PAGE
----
'Web of lies'
Vazquez doesn't buy the union's explanation that the Transit Middle meeting was the reason she lost the union's support.
"Why would they blame me for something my husband said?" she said. "I didn't say it. I maintained professionalism throughout the entire meeting, every meeting I've had."
Vazquez said she believes there's an ulterior reason she was passed over for an endorsement. In 2014 she was the lone board member to support the idea that the board should conduct an independent investigation into allegations made by teachers and principals that Martzloff had shown a pattern of “retaliatory behavior” and “favoritism.”
She was even pressed to resign because of her support for an investigation into the complaints, leading one union official at the time to say, “We had hoped that she could be a voice of reason on the board going forward. Unfortunately, it appears as though her reasonable and fair-minded voice may be silenced.”
A hearing officer's decision last year vindicated Martzloff and found a former assistant superintendent, Kim Kirsch, guilty of insubordination, misconduct and other charges. The decision showed union President Michelle Licht and Kirsch worked together behind Martzloff's back in an effort to have him ousted by the board through a contract buyout.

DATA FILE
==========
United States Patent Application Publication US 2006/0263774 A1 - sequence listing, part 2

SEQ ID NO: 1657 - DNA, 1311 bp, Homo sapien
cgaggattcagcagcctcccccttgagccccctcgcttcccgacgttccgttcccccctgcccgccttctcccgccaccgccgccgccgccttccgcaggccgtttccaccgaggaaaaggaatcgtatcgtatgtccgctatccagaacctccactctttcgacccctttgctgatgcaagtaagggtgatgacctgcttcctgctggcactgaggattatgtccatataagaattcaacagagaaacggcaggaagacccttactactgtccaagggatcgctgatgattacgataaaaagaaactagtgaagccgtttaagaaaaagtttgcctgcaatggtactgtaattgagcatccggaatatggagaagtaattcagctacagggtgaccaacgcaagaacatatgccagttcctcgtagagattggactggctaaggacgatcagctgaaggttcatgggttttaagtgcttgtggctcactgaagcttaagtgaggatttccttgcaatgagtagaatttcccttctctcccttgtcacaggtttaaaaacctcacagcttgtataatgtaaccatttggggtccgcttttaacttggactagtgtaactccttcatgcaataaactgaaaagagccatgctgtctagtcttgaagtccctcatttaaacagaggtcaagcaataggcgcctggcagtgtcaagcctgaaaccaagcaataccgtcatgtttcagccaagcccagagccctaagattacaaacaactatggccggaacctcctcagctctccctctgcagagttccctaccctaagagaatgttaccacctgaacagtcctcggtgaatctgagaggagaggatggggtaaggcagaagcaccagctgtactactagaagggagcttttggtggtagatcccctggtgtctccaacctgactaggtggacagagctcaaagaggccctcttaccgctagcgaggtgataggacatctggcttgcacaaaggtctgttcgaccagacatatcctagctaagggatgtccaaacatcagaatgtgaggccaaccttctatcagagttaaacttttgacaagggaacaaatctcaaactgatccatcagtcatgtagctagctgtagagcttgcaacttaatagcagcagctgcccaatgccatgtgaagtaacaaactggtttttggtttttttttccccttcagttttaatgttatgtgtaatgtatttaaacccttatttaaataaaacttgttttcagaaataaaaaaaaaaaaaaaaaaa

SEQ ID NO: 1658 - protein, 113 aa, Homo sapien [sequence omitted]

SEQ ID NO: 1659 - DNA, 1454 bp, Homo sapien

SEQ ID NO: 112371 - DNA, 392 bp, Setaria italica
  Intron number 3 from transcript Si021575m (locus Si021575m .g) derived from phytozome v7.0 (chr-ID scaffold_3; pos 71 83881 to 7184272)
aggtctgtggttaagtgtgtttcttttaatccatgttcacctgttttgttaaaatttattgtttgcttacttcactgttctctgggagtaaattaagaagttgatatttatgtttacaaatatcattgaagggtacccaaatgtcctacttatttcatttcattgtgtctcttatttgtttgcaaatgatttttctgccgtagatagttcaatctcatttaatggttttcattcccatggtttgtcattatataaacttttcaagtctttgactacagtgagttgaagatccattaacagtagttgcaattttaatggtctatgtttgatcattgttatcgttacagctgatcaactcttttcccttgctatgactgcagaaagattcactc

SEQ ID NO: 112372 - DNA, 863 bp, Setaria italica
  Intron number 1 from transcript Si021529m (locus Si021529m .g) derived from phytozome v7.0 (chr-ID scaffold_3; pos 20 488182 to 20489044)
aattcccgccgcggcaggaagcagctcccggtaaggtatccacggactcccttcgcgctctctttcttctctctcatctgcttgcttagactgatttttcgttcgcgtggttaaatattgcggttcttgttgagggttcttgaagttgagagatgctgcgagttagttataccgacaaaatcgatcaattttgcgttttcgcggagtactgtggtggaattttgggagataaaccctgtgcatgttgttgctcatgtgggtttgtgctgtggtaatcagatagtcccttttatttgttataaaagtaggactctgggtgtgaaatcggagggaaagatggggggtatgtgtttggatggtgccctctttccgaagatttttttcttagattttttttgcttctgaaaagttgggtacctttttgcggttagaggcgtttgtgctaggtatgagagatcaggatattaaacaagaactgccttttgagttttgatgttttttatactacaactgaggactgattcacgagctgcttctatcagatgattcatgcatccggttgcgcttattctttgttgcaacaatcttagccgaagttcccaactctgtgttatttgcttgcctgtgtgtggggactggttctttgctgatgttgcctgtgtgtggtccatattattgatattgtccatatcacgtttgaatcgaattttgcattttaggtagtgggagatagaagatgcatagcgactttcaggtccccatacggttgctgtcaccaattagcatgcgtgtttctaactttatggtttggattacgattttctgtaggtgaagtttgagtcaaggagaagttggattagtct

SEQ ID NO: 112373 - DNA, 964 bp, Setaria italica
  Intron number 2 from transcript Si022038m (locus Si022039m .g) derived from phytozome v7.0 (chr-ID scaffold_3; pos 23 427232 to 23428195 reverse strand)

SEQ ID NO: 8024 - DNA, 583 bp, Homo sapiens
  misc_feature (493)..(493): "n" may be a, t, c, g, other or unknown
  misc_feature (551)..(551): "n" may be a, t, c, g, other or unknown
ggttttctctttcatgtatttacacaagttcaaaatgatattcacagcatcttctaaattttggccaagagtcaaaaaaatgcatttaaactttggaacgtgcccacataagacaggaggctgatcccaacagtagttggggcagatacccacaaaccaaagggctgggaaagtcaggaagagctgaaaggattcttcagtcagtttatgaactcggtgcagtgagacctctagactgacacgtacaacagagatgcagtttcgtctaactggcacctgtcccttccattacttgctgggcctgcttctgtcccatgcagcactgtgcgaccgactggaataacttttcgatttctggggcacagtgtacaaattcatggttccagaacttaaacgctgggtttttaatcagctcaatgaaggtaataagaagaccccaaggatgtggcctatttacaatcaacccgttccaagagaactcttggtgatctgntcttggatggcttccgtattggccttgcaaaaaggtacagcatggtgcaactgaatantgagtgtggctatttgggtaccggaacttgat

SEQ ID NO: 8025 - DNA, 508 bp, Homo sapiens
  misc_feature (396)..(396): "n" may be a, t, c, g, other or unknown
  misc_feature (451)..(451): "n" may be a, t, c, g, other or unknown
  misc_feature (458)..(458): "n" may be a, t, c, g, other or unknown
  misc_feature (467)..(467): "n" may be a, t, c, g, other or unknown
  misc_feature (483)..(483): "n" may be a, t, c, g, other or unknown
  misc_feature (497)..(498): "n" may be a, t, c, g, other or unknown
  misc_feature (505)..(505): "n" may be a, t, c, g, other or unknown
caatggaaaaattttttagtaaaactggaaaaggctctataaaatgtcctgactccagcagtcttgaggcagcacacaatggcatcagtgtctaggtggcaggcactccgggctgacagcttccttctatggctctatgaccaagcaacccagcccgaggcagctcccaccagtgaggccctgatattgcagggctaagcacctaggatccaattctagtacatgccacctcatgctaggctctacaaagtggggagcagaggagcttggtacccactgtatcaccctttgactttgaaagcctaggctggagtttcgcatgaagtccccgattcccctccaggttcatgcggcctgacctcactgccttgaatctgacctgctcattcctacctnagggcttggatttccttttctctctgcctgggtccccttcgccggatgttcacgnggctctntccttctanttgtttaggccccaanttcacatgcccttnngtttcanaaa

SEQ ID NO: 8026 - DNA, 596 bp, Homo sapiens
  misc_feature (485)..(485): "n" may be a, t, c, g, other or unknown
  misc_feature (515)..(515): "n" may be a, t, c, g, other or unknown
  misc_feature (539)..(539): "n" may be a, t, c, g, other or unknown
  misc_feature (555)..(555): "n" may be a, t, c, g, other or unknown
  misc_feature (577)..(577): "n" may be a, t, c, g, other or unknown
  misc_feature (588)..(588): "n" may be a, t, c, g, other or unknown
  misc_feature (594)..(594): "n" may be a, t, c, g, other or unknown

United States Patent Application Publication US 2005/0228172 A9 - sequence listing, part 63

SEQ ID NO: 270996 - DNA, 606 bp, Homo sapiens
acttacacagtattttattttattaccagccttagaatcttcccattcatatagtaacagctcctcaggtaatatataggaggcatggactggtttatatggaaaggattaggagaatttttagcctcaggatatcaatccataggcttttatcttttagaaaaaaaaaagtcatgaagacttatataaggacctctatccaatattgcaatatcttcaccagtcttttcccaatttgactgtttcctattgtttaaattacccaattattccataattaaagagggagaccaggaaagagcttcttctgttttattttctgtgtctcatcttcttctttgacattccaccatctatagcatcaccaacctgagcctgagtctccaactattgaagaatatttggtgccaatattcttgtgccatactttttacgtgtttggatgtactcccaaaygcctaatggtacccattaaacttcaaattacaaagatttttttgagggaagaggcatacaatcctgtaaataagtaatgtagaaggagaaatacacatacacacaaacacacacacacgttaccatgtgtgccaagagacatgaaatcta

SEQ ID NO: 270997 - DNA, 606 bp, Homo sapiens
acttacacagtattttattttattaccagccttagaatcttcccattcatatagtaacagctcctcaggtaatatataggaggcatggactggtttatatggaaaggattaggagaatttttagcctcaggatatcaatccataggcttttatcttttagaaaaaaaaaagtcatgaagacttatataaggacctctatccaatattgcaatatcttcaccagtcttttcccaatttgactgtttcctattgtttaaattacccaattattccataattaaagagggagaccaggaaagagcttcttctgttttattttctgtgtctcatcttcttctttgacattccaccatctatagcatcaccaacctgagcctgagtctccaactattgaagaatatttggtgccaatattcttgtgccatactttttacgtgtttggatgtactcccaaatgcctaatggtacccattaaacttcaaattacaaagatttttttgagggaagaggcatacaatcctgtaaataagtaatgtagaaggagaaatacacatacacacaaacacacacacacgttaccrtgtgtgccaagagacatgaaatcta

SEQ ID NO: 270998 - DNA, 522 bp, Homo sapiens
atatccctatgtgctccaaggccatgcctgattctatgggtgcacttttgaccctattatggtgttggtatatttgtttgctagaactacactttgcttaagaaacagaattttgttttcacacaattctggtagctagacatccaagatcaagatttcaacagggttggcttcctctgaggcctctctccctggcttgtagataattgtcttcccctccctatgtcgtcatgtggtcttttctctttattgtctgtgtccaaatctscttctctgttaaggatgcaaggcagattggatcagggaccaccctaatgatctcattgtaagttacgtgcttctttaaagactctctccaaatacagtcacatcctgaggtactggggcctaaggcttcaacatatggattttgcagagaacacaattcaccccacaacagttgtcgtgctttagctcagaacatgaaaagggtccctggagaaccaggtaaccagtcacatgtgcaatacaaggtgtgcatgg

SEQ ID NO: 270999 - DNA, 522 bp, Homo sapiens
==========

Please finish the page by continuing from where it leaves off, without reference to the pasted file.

Vazquez said she confronted Licht when the hearing decision was made public and accused Licht of misleading her about the allegations.
"They had malicious intent from the very start, and they brought us all into this web of lies," Vazquez told The Buffalo News in an interview. "I said, 'How dare you lie to me all these years. I went through so much defending these allegations and trying to get an independent, impartial investigation.' "
Vazquez even used a portion of her opening statement during a candidates' forum last week to blast the WTA and Licht specifically.